The final book in the three volume collection of Marx’s ‘political’ writings “The First International and After” covers the later period from the First International onward. It contains pamphlets and articles written for the International, letters and a range of other short documents and journalistic work. They show Marx grappling with the tactical issues of the day, many of which remain relevant, in particular on the relationship of different ‘progressive’ groupings in the state and politics.
The English Trades Unions formed a significant part of the International, and yet in the “Inaugural Address” Marx is clear that it is not sufficient to simply pursue the short term interest of the working class within the existing system through improvements in working hours and wages. These are ‘economic’ goals which are important, but should be subordinate to the movement’s longer term goals.
To conquer political power has therefore become the great duty of the working classes.
(Marx 2010, p.80).
In other words revolution – a fundamental change to the system – remains the overarching goal of any genuine movement of the left. Marx makes a similar point from a different angle when discussing the co-operative movement in the “Instructions for Delegates to the Geneva Congress”. Co-operative production allows workers to begin developing economic mechanisms which undermine the root of capitalism.
We recommend to the working men to embark in cooperative production rather than in cooperative stores. The latter touch but the surface of the present economical system, the former attacks its groundwork.
(Marx 2010, p.90)
In other words overturning the system is the key aim of the working class movement, and that requires both economic and political action with a focus on the long term.
This isn’t the whole story though. Later in the same “Instructions for Delegates to the Geneva Congress” Marx proposes a specific programme starting with a demand for limitations on the working day. So Marx is maintaining both a general overall strategy (the importance of political revolution as the ultimate goal) along with a specific tactical programme for immediate action (improving the lives of workers through ‘economic’ measures).
The “Prussian Military Question” similarly focuses on the tactical position of the German workers, whether to support the bourgeois parties in opposition to the aristocratic and feudal state over the issue of changes to military service.
It is in the interests of the workers, therefore, to support the bourgeoisie in its struggle against all reactionary elements, on condition that it remain true to itself.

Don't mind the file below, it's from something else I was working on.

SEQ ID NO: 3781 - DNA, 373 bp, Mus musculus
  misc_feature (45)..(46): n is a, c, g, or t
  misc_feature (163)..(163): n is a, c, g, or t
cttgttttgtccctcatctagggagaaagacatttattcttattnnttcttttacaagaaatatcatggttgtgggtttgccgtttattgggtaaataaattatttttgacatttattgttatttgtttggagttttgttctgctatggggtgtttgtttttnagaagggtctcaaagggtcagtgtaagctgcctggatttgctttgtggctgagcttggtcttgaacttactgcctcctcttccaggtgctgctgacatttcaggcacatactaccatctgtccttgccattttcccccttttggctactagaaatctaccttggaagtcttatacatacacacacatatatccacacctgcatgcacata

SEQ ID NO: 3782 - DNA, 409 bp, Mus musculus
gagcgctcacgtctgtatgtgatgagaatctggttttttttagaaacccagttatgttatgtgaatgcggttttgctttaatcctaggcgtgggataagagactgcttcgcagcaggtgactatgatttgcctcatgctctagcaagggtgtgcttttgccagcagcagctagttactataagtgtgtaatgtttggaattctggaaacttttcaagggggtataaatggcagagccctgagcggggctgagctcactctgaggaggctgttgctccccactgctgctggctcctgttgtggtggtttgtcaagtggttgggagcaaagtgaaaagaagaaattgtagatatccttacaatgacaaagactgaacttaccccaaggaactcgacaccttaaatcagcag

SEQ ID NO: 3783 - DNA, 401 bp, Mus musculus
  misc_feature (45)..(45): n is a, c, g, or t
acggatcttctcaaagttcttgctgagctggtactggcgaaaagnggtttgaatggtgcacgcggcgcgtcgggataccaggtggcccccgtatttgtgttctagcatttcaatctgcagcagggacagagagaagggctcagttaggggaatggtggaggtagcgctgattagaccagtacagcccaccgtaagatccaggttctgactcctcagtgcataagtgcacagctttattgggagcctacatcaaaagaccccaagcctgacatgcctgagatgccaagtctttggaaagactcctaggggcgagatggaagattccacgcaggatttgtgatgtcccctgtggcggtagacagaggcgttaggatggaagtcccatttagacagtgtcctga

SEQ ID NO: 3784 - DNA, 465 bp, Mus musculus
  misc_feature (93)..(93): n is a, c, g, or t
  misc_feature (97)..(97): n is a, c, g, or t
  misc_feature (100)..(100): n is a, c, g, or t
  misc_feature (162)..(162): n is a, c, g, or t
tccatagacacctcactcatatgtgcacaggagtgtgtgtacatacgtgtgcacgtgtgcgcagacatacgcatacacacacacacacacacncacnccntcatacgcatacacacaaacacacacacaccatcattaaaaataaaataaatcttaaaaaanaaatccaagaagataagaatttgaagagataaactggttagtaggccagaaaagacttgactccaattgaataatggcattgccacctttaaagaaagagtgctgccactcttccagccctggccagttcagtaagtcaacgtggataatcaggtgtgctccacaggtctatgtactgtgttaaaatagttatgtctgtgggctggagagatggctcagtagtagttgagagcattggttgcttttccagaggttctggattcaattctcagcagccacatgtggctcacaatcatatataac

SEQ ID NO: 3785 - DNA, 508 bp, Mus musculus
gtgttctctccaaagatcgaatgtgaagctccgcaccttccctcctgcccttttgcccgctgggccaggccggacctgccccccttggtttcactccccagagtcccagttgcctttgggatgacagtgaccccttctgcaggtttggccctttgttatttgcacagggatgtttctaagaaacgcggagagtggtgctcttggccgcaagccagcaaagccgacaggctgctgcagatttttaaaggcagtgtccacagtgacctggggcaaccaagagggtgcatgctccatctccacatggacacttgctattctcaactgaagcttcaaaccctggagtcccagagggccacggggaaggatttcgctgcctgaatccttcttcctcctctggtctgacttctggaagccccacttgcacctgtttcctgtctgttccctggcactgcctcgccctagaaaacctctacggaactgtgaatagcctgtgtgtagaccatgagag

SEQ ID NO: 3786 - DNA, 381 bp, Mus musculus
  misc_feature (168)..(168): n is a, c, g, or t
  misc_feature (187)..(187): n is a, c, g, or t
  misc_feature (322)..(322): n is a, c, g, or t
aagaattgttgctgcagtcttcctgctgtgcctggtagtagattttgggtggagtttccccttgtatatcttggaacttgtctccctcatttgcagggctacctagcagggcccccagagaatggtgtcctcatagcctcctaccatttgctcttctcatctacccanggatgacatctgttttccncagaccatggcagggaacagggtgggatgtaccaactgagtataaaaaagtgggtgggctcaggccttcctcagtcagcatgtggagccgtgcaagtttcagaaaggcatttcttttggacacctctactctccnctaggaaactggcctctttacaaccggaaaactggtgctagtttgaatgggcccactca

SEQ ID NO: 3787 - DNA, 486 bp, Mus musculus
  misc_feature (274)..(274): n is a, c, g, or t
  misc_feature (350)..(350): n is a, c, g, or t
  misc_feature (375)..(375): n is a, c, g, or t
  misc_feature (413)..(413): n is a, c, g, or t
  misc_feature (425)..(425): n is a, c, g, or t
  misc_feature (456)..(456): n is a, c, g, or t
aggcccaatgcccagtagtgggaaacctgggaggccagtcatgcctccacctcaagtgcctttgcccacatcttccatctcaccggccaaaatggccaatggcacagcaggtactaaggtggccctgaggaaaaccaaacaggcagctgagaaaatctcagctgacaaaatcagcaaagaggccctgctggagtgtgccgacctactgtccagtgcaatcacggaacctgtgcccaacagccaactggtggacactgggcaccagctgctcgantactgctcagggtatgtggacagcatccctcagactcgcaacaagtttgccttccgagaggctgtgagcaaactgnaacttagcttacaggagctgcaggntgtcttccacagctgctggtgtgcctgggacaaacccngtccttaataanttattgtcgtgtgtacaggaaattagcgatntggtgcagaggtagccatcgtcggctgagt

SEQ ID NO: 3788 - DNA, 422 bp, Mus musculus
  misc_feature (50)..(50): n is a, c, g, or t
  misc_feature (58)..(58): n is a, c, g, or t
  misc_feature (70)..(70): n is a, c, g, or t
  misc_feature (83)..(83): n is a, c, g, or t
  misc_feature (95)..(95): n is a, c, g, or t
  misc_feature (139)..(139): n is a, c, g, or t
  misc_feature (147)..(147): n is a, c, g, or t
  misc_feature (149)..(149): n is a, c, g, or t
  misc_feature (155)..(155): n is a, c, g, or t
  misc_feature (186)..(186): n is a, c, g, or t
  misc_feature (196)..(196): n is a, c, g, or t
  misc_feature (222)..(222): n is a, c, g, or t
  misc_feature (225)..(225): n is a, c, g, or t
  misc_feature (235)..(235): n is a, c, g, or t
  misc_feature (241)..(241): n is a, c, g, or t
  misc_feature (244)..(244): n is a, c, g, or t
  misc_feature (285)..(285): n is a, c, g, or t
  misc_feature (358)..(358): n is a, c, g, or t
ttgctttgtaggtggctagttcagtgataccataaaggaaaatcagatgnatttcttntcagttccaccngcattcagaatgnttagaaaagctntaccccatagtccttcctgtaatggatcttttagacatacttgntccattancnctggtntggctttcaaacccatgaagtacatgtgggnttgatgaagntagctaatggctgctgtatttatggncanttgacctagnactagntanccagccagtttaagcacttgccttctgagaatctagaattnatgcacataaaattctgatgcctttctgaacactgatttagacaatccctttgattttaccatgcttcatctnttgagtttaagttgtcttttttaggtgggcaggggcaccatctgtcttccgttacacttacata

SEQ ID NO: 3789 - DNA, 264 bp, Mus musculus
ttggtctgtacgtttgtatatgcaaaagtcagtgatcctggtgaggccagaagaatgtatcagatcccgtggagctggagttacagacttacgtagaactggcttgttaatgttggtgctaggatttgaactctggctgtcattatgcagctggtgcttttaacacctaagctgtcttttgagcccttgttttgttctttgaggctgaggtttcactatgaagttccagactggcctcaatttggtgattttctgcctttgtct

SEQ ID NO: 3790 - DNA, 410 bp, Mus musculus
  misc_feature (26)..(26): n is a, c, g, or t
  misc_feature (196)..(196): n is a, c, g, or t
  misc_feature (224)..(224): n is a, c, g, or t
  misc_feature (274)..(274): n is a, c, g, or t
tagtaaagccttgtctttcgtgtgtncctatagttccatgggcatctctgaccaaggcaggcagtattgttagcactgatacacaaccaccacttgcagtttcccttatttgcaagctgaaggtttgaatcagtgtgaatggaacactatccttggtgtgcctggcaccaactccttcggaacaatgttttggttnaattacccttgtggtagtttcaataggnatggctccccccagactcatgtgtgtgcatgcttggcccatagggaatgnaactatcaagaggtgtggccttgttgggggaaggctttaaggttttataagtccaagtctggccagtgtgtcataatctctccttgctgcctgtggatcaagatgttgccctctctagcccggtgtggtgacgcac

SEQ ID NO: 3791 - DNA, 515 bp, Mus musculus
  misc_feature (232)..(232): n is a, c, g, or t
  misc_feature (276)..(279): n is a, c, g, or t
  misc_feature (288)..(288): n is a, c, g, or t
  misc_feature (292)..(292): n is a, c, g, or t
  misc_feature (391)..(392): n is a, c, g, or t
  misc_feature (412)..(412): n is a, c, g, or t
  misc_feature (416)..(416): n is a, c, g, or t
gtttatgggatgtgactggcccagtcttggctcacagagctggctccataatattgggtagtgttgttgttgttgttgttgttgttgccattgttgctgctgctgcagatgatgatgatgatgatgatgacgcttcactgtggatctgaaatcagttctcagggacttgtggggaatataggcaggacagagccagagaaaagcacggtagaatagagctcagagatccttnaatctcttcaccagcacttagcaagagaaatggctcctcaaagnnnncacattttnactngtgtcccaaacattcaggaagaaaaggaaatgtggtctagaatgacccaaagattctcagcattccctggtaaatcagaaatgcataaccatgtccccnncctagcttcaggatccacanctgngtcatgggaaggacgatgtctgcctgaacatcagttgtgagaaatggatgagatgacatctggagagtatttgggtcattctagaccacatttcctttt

(Marx 2010, p.144)
The workers can form tactical alliances to pursue short term goals, but must retain a focus on its long term interest – the overthrow of capitalism itself.
Marx indicates a similar dual role for Trades Unions as part of the movement. Rather than viewing Trades Unions as focused primarily on the economic or ‘tactical’ and working within the existing system, Marx points out that they fight both the immediate struggle and have a role in preparing the ground for fundamental change.
If the trades unions are required for the guerilla fights between capital and labour, they are still more important as organised agencies for superseding the very system of wage labour and capital rule.
(Marx 2010, p.91)
However at present, the unions are “too exclusively bent upon the local and immediate struggles with capital” (Marx 2010, p.91).
It is interesting for thinking about this combination of short term and long term goals for the movement that Marx characterises England as being ready economically for revolution, but needing a truly revolutionary movement to take advantage of it (something it hasn’t managed to do in the years since either).
The English have all that is needed materially for social revolution. What they lack is the sense of generalization and revolutionary passion.
(Marx 2010, p.116)
This implies that Marx certainly did not believe that the revolution would happen ‘naturally’ as working class consciousness developed. In other words there is no historically determined inevitability to the revolution, ‘reformism’ is a blind alley. In pursuing short term goals, the left must keep the long term vision in mind, still something that it seems to struggle with (in Britain at least) where working within the system too often seems to have led to a failure to pursue substantive change.
Marx, Karl The First International and After (Verso, London, 2010)